"Since its launch in July 2005, BlackBerry Messenger has become a tremendously popular social networking service. In 2010, RIM started to formally adopt the BBM acronym, which had, at that point, already been organically coined and widely used by BlackBerry Messenger customers as a natural abbreviation of the BlackBerry Messenger name. The services associated with RIMís BBM offering clearly do not overlap with BBM Canadaís services and the two marks are therefore eligible to co-exist under Canadian trademark law.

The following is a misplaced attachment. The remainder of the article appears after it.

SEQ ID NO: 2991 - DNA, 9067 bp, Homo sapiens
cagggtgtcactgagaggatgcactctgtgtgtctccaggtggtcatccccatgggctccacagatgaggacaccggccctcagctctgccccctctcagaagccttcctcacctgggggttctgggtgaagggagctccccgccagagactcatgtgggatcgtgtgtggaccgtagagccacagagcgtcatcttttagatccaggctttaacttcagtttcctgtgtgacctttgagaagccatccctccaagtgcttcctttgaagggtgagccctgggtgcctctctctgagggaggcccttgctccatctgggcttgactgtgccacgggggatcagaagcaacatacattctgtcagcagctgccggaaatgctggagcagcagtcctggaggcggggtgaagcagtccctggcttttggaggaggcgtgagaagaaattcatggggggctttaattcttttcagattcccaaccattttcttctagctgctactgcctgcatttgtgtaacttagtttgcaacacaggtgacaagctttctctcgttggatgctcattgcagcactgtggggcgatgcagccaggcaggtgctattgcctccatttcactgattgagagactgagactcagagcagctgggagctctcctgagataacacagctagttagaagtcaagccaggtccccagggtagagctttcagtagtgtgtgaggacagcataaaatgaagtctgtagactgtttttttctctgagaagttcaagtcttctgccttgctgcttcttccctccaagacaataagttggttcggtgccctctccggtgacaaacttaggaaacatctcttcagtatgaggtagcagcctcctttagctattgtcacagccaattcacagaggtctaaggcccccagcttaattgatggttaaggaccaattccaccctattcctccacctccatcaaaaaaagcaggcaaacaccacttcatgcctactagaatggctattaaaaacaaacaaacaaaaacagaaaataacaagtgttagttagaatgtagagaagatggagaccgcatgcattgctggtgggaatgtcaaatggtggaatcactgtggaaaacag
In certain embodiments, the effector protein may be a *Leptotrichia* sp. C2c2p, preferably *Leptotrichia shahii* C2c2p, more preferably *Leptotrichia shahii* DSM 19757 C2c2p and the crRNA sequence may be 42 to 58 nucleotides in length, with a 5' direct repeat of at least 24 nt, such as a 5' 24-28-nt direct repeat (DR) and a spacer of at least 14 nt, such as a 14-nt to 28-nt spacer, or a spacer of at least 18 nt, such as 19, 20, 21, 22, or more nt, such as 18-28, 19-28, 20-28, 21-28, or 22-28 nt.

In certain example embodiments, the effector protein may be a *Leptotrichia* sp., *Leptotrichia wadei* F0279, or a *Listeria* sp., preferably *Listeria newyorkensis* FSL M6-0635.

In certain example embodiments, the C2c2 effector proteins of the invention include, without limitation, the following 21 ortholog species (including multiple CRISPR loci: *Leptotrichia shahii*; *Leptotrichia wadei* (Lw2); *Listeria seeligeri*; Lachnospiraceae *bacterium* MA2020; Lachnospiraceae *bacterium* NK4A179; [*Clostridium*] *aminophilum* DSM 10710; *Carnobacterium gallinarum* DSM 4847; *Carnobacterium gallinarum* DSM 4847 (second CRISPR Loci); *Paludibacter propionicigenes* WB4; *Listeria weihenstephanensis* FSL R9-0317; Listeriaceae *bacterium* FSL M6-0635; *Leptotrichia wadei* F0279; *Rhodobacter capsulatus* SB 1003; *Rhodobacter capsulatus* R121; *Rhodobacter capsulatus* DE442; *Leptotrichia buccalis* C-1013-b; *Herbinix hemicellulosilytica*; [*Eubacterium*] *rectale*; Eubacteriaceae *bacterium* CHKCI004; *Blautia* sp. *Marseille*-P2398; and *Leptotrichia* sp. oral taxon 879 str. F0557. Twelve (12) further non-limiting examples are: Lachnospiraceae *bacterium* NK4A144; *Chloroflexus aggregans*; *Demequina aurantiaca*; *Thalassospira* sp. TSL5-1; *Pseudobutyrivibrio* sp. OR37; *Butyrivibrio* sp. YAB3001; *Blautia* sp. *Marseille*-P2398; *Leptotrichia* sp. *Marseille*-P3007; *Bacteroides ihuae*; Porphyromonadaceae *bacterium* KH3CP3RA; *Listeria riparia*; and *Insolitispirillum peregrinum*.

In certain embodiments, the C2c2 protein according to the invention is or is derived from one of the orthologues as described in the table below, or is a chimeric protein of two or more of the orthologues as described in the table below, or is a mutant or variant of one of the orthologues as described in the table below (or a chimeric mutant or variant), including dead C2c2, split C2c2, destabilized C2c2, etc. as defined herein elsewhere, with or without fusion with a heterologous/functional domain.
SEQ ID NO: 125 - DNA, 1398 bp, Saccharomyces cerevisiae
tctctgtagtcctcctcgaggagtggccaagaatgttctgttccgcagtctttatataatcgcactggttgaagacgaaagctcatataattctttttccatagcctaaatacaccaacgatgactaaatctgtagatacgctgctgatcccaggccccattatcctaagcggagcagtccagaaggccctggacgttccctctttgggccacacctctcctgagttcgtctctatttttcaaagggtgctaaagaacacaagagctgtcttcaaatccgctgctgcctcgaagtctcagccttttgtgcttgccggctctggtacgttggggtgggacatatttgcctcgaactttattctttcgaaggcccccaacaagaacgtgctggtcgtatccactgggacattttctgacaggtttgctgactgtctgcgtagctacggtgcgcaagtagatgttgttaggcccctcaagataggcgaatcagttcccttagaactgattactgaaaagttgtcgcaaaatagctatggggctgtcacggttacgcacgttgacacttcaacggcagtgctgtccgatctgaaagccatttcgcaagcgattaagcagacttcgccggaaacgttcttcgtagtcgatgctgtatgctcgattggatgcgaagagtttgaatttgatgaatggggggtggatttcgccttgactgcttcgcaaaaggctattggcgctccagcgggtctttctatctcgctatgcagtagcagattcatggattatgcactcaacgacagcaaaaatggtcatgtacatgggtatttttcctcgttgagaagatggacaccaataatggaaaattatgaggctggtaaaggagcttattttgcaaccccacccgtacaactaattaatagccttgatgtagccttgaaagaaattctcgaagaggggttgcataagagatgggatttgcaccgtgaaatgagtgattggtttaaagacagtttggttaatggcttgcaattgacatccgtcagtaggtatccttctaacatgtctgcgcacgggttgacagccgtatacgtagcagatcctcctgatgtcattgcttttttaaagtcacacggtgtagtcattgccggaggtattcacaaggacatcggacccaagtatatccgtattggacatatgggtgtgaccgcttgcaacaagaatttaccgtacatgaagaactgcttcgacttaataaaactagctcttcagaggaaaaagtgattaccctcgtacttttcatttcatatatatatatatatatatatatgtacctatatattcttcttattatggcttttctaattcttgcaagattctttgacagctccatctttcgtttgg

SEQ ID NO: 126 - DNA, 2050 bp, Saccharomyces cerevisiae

The two companies are in different industries and have never been competitors in any area. We believe that BBM Canada is attempting to obtain trademark protection for the BBM acronym that is well beyond the narrow range of the services it provides and well beyond the scope of rights afforded by Canadian trademark law. RIM has therefore asked the Court to dismiss the application and award costs to RIM. Further, for clarity, RIMís application to register BBM as a trademark with the Canadian Intellectual Property Office (CIPO) is pending and we are confident that a registration will eventually issue. The inference by BBM Canada that CIPO has refused RIMís BBM trademark application is quite frankly very misleading."